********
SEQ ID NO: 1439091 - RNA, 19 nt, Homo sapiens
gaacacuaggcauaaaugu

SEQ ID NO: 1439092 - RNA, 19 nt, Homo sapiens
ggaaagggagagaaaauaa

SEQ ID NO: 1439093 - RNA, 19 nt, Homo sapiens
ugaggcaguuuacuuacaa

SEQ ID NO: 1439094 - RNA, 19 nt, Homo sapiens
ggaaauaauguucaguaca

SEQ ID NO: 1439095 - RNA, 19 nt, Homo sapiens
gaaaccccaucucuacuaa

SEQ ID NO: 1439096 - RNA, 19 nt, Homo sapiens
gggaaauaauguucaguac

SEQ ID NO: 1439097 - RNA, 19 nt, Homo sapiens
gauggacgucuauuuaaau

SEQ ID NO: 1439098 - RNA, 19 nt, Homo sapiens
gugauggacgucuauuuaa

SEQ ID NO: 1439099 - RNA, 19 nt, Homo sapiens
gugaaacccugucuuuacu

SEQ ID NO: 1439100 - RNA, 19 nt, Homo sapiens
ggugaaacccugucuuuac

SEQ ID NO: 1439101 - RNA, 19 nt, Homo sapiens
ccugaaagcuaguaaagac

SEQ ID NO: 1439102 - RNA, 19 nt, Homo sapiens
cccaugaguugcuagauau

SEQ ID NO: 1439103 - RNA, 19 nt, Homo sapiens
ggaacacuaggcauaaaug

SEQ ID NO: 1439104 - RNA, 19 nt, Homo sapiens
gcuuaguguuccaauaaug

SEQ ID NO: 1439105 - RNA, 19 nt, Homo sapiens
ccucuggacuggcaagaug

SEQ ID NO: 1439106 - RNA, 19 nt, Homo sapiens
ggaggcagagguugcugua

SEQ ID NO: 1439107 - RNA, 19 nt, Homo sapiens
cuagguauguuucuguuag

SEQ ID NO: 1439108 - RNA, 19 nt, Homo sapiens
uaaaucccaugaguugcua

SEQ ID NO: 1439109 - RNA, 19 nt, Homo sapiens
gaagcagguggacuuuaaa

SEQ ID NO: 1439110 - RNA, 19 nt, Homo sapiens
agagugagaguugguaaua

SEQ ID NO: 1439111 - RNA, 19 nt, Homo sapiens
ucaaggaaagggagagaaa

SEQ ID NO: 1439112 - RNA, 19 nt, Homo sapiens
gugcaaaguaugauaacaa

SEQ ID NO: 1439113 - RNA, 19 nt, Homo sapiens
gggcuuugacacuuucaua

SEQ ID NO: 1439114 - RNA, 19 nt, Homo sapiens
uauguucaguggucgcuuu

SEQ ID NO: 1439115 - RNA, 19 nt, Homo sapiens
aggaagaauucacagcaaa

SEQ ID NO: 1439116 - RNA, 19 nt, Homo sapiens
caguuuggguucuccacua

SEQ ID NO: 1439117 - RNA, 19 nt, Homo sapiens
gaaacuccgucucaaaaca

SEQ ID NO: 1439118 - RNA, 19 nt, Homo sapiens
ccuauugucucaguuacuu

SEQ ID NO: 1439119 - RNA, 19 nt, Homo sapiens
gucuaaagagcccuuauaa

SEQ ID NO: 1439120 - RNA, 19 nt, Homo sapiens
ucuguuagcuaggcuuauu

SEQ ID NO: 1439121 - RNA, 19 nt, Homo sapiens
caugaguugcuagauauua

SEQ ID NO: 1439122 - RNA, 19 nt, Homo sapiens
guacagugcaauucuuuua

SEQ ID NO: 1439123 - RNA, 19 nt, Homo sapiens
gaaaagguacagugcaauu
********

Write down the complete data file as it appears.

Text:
SEQ ID NO: 1439091 - RNA, 19 nt, Homo sapiens
gaacacuaggcauaaaugu

SEQ ID NO: 1439092 - RNA, 19 nt, Homo sapiens
ggaaagggagagaaaauaa

SEQ ID NO: 1439093 - RNA, 19 nt, Homo sapiens
ugaggcaguuuacuuacaa

SEQ ID NO: 1439094 - RNA, 19 nt, Homo sapiens
ggaaauaauguucaguaca

SEQ ID NO: 1439095 - RNA, 19 nt, Homo sapiens
gaaaccccaucucuacuaa

SEQ ID NO: 1439096 - RNA, 19 nt, Homo sapiens
gggaaauaauguucaguac

SEQ ID NO: 1439097 - RNA, 19 nt, Homo sapiens
gauggacgucuauuuaaau

SEQ ID NO: 1439098 - RNA, 19 nt, Homo sapiens
gugauggacgucuauuuaa

SEQ ID NO: 1439099 - RNA, 19 nt, Homo sapiens
gugaaacccugucuuuacu

SEQ ID NO: 1439100 - RNA, 19 nt, Homo sapiens
ggugaaacccugucuuuac

SEQ ID NO: 1439101 - RNA, 19 nt, Homo sapiens
ccugaaagcuaguaaagac

SEQ ID NO: 1439102 - RNA, 19 nt, Homo sapiens
cccaugaguugcuagauau

SEQ ID NO: 1439103 - RNA, 19 nt, Homo sapiens
ggaacacuaggcauaaaug

SEQ ID NO: 1439104 - RNA, 19 nt, Homo sapiens
gcuuaguguuccaauaaug

SEQ ID NO: 1439105 - RNA, 19 nt, Homo sapiens
ccucuggacuggcaagaug

SEQ ID NO: 1439106 - RNA, 19 nt, Homo sapiens
ggaggcagagguugcugua

SEQ ID NO: 1439107 - RNA, 19 nt, Homo sapiens
cuagguauguuucuguuag

SEQ ID NO: 1439108 - RNA, 19 nt, Homo sapiens
uaaaucccaugaguugcua

SEQ ID NO: 1439109 - RNA, 19 nt, Homo sapiens
gaagcagguggacuuuaaa

SEQ ID NO: 1439110 - RNA, 19 nt, Homo sapiens
agagugagaguugguaaua

SEQ ID NO: 1439111 - RNA, 19 nt, Homo sapiens
ucaaggaaagggagagaaa

SEQ ID NO: 1439112 - RNA, 19 nt, Homo sapiens
gugcaaaguaugauaacaa

SEQ ID NO: 1439113 - RNA, 19 nt, Homo sapiens
gggcuuugacacuuucaua

SEQ ID NO: 1439114 - RNA, 19 nt, Homo sapiens
uauguucaguggucgcuuu

SEQ ID NO: 1439115 - RNA, 19 nt, Homo sapiens
aggaagaauucacagcaaa

SEQ ID NO: 1439116 - RNA, 19 nt, Homo sapiens
caguuuggguucuccacua

SEQ ID NO: 1439117 - RNA, 19 nt, Homo sapiens
gaaacuccgucucaaaaca

SEQ ID NO: 1439118 - RNA, 19 nt, Homo sapiens
ccuauugucucaguuacuu

SEQ ID NO: 1439119 - RNA, 19 nt, Homo sapiens
gucuaaagagcccuuauaa

SEQ ID NO: 1439120 - RNA, 19 nt, Homo sapiens
ucuguuagcuaggcuuauu

SEQ ID NO: 1439121 - RNA, 19 nt, Homo sapiens
caugaguugcuagauauua

SEQ ID NO: 1439122 - RNA, 19 nt, Homo sapiens
guacagugcaauucuuuua

SEQ ID NO: 1439123 - RNA, 19 nt, Homo sapiens
gaaaagguacagugcaauu